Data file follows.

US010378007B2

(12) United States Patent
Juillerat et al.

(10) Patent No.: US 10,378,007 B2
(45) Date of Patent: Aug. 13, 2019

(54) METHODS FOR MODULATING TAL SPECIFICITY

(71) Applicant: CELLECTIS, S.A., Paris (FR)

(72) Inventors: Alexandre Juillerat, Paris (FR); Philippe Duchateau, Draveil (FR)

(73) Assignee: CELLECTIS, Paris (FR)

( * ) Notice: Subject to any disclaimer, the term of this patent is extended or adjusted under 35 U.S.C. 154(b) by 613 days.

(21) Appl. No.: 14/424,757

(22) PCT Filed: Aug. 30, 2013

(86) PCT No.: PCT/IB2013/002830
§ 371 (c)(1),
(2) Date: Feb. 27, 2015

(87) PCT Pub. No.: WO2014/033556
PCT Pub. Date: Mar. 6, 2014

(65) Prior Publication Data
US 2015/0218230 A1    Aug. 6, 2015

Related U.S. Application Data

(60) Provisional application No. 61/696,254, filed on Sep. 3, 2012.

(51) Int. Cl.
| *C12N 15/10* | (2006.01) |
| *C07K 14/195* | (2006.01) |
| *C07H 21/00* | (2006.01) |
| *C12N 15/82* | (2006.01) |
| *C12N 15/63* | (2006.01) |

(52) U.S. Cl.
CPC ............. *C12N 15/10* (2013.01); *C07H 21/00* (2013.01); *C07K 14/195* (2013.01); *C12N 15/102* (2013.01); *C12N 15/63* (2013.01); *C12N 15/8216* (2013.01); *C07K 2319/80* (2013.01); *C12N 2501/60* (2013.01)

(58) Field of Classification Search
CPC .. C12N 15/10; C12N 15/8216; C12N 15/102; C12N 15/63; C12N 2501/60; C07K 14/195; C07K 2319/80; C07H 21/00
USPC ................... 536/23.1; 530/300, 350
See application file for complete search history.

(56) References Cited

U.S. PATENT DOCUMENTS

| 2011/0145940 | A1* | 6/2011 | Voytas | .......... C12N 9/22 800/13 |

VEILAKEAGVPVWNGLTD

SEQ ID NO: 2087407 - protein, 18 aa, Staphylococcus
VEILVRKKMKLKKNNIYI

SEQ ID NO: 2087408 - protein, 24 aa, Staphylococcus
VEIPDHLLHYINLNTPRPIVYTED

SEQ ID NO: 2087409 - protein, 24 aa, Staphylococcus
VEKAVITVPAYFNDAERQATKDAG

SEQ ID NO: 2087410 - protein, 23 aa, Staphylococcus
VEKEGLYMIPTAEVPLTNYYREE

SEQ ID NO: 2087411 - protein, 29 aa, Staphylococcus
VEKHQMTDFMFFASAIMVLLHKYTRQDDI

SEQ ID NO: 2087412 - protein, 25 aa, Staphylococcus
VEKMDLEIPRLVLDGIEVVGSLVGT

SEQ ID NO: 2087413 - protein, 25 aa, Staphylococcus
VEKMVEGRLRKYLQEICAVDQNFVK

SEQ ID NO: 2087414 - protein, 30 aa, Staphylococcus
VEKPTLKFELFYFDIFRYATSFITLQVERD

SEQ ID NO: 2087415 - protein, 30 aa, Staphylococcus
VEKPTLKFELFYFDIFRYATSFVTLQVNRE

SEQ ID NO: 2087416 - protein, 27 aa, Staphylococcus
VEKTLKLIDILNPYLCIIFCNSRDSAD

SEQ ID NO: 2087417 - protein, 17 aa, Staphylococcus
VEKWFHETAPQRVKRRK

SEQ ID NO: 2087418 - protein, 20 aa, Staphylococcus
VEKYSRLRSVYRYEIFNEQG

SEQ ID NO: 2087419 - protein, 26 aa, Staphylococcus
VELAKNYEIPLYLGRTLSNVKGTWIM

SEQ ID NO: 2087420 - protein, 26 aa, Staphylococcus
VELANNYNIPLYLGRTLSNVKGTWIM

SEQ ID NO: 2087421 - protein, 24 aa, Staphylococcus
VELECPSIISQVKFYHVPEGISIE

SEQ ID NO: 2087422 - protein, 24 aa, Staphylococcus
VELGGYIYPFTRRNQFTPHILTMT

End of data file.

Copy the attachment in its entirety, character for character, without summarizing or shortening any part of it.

US010378007B2

(12) United States Patent
Juillerat et al.

(10) Patent No.: US 10,378,007 B2
(45) Date of Patent: Aug. 13, 2019

(54) METHODS FOR MODULATING TAL SPECIFICITY

(71) Applicant: CELLECTIS, S.A., Paris (FR)

(72) Inventors: Alexandre Juillerat, Paris (FR); Philippe Duchateau, Draveil (FR)

(73) Assignee: CELLECTIS, Paris (FR)

( * ) Notice: Subject to any disclaimer, the term of this patent is extended or adjusted under 35 U.S.C. 154(b) by 613 days.

(21) Appl. No.: 14/424,757

(22) PCT Filed: Aug. 30, 2013

(86) PCT No.: PCT/IB2013/002830
§ 371 (c)(1),
(2) Date: Feb. 27, 2015

(87) PCT Pub. No.: WO2014/033556
PCT Pub. Date: Mar. 6, 2014

(65) Prior Publication Data
US 2015/0218230 A1    Aug. 6, 2015

Related U.S. Application Data

(60) Provisional application No. 61/696,254, filed on Sep. 3, 2012.

(51) Int. Cl.
| *C12N 15/10* | (2006.01) |
| *C07K 14/195* | (2006.01) |
| *C07H 21/00* | (2006.01) |
| *C12N 15/82* | (2006.01) |
| *C12N 15/63* | (2006.01) |

(52) U.S. Cl.
CPC ............. *C12N 15/10* (2013.01); *C07H 21/00* (2013.01); *C07K 14/195* (2013.01); *C12N 15/102* (2013.01); *C12N 15/63* (2013.01); *C12N 15/8216* (2013.01); *C07K 2319/80* (2013.01); *C12N 2501/60* (2013.01)

(58) Field of Classification Search
CPC .. C12N 15/10; C12N 15/8216; C12N 15/102; C12N 15/63; C12N 2501/60; C07K 14/195; C07K 2319/80; C07H 21/00
USPC ................... 536/23.1; 530/300, 350
See application file for complete search history.

(56) References Cited

U.S. PATENT DOCUMENTS

| 2011/0145940 | A1* | 6/2011 | Voytas | .......... C12N 9/22 800/13 |

VEILAKEAGVPVWNGLTD

SEQ ID NO: 2087407 - protein, 18 aa, Staphylococcus
VEILVRKKMKLKKNNIYI

SEQ ID NO: 2087408 - protein, 24 aa, Staphylococcus
VEIPDHLLHYINLNTPRPIVYTED

SEQ ID NO: 2087409 - protein, 24 aa, Staphylococcus
VEKAVITVPAYFNDAERQATKDAG

SEQ ID NO: 2087410 - protein, 23 aa, Staphylococcus
VEKEGLYMIPTAEVPLTNYYREE

SEQ ID NO: 2087411 - protein, 29 aa, Staphylococcus
VEKHQMTDFMFFASAIMVLLHKYTRQDDI

SEQ ID NO: 2087412 - protein, 25 aa, Staphylococcus
VEKMDLEIPRLVLDGIEVVGSLVGT

SEQ ID NO: 2087413 - protein, 25 aa, Staphylococcus
VEKMVEGRLRKYLQEICAVDQNFVK

SEQ ID NO: 2087414 - protein, 30 aa, Staphylococcus
VEKPTLKFELFYFDIFRYATSFITLQVERD

SEQ ID NO: 2087415 - protein, 30 aa, Staphylococcus
VEKPTLKFELFYFDIFRYATSFVTLQVNRE

SEQ ID NO: 2087416 - protein, 27 aa, Staphylococcus
VEKTLKLIDILNPYLCIIFCNSRDSAD

SEQ ID NO: 2087417 - protein, 17 aa, Staphylococcus
VEKWFHETAPQRVKRRK

SEQ ID NO: 2087418 - protein, 20 aa, Staphylococcus
VEKYSRLRSVYRYEIFNEQG

SEQ ID NO: 2087419 - protein, 26 aa, Staphylococcus
VELAKNYEIPLYLGRTLSNVKGTWIM

SEQ ID NO: 2087420 - protein, 26 aa, Staphylococcus
VELANNYNIPLYLGRTLSNVKGTWIM

SEQ ID NO: 2087421 - protein, 24 aa, Staphylococcus
VELECPSIISQVKFYHVPEGISIE

SEQ ID NO: 2087422 - protein, 24 aa, Staphylococcus
VELGGYIYPFTRRNQFTPHILTMT